$$ and Process:
Currently the local government pays $130/ton tipping fee to waste haulers such as Waste Management to have waste put in a landfill. Using this new technology (a machine from Denmark), the project aims to charge the govt. $60/ton tipping fee for having all the waste come to the transfer facility and then be converted into 60% bioslurry and 40% clean shredded recyclable plastic that can be pelletized. The company is trying to get funds from an Energy resilience bank that specializes in sponsoring such projects that look into generating clean (renewable) energy.
The current slurry has volatile content that needs to be reduced or checked. The bioslurry once created is captured in a dewatering box. Once the majority of the water has been removed (which is then recycled and reused), the rest of the bioslurry is transported to the nearby Duck Island, NJ Anaerobic Digestion facility, is about 5 miles away. Final product from the anaerobic digester would be biogas, compost, and, liquid ammonium sulfate, (NH₄)₂SO₄, which is an inorganic salt that is used that can be used as a soil fertilizer. It is also often used as a good solution to water treatment, especially to treat wastewater. The biogas produced can power the whole facility as well as the city’s nearby water treatment facility.
This is an amazing breakthrough, which gives three immediate benefits:
- No transportation costs involved in moving the collected waste from the transfer stations to the landfill
- Significant reduction in waste going to landfills (slated for the landfill located in Grose, PA) which means no waste of land, no greenhouse gasses generated from the landfill, no NIMBY (Not In My Back Yard) claims, and no waste of recyclable material going to landfills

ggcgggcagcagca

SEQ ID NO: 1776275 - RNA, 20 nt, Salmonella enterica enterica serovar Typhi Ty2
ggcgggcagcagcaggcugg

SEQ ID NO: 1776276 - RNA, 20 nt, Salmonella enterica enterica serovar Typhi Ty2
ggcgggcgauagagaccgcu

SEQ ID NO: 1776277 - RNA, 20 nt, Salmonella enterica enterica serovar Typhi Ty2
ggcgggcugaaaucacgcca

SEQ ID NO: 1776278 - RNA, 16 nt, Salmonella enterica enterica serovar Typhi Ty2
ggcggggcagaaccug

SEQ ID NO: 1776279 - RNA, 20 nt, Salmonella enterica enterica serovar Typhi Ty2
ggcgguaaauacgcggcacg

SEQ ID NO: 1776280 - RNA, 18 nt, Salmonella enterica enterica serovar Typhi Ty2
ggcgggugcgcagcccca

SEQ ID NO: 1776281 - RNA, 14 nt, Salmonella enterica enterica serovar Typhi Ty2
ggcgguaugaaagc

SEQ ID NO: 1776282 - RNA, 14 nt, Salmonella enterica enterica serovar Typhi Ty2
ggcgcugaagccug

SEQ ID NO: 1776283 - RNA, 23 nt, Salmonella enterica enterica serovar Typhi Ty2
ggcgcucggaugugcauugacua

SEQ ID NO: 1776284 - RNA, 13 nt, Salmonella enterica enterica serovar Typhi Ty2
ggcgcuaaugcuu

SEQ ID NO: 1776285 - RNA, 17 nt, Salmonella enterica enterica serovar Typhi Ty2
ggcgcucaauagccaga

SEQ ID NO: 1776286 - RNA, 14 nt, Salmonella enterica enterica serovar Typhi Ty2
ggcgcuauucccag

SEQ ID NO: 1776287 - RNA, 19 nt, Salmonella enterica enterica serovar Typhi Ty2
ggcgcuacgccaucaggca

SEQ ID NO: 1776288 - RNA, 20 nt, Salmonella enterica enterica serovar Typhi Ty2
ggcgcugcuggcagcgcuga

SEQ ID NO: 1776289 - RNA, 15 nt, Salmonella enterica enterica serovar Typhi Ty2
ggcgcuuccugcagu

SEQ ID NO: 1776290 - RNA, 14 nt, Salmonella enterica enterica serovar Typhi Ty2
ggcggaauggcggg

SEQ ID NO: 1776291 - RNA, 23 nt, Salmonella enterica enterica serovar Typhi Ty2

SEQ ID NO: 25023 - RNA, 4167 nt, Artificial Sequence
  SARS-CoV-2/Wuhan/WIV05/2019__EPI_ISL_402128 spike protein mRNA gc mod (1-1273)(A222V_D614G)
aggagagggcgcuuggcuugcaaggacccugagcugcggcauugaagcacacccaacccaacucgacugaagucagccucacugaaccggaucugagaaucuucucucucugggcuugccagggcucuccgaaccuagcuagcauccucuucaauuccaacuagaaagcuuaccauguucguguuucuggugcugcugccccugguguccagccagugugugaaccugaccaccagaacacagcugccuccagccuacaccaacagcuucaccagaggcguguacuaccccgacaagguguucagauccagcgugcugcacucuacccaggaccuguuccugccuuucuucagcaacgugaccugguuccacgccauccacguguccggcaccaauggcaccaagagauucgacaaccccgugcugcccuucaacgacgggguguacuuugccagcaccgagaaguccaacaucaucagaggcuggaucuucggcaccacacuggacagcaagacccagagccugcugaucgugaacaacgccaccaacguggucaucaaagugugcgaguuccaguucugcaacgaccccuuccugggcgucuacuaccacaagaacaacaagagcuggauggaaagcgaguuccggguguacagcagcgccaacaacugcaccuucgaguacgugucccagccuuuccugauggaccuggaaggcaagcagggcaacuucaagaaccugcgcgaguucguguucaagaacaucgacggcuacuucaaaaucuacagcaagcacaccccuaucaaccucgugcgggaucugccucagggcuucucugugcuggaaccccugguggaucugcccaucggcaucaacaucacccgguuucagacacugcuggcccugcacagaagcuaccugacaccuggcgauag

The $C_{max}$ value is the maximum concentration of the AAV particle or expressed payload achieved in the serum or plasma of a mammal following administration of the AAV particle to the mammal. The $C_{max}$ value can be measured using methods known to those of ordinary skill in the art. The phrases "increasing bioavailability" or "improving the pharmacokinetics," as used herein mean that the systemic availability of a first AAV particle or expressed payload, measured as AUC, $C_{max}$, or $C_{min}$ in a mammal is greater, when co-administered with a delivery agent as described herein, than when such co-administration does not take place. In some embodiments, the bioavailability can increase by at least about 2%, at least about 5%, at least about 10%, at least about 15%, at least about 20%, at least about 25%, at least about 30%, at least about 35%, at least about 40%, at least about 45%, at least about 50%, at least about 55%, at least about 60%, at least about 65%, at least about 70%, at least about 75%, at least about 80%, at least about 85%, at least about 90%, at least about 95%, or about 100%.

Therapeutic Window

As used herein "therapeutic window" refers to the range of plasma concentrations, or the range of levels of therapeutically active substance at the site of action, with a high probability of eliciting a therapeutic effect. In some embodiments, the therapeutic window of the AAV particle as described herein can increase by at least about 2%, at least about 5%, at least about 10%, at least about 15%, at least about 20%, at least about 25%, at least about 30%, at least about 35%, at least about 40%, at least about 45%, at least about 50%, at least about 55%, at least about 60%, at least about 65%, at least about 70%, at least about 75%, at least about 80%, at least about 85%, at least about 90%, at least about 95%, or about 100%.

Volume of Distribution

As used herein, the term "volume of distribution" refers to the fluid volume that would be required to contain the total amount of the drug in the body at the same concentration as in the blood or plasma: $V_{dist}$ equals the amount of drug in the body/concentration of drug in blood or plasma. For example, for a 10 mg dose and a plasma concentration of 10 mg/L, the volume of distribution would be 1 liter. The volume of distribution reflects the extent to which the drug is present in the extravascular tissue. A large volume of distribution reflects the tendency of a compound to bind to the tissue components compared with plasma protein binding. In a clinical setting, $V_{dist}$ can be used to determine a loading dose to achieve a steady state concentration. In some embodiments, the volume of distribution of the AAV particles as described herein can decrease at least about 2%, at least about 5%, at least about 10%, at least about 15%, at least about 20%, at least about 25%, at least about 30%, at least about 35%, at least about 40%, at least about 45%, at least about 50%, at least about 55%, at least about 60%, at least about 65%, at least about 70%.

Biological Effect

- Generation of clean gas and clean liquid fertilizer from the conversion of the waste
Additional benefits include:
- No compost created; currently there is too much compost with nowhere to go
- 130 or more jobs created to run the Anaerobic Digester and related activities
- No bad odors.
What could be stalling it?
Some of the reasons this project may be having a hard time getting off the ground is because of the existing monopoly of the waste haulers. Currently, for all waste haulers, tipping fee is 50% of all the revenue generated, thus a change in process would result in this revenue getting lost. Also, if legislation could be put in place to have organics collected separately, that would help since organics are exempt from tipping fee. And the fastest way to get any sort of legislation passed is to take active interest in such affairs, which is just starting to happen in public circles. For things to take a turn for the best, we just need to hope and pray the old adage stays true of ‘Better late than never.’
Interested in learning more on this project?
- Biomass Magazine
- com- Biogas receives DEP approval to turn sludge plant into food waste recycling facility
- Yale 360- Turning Food waste into Biogas
- SSWM- Small Scale Anaerobic Digestion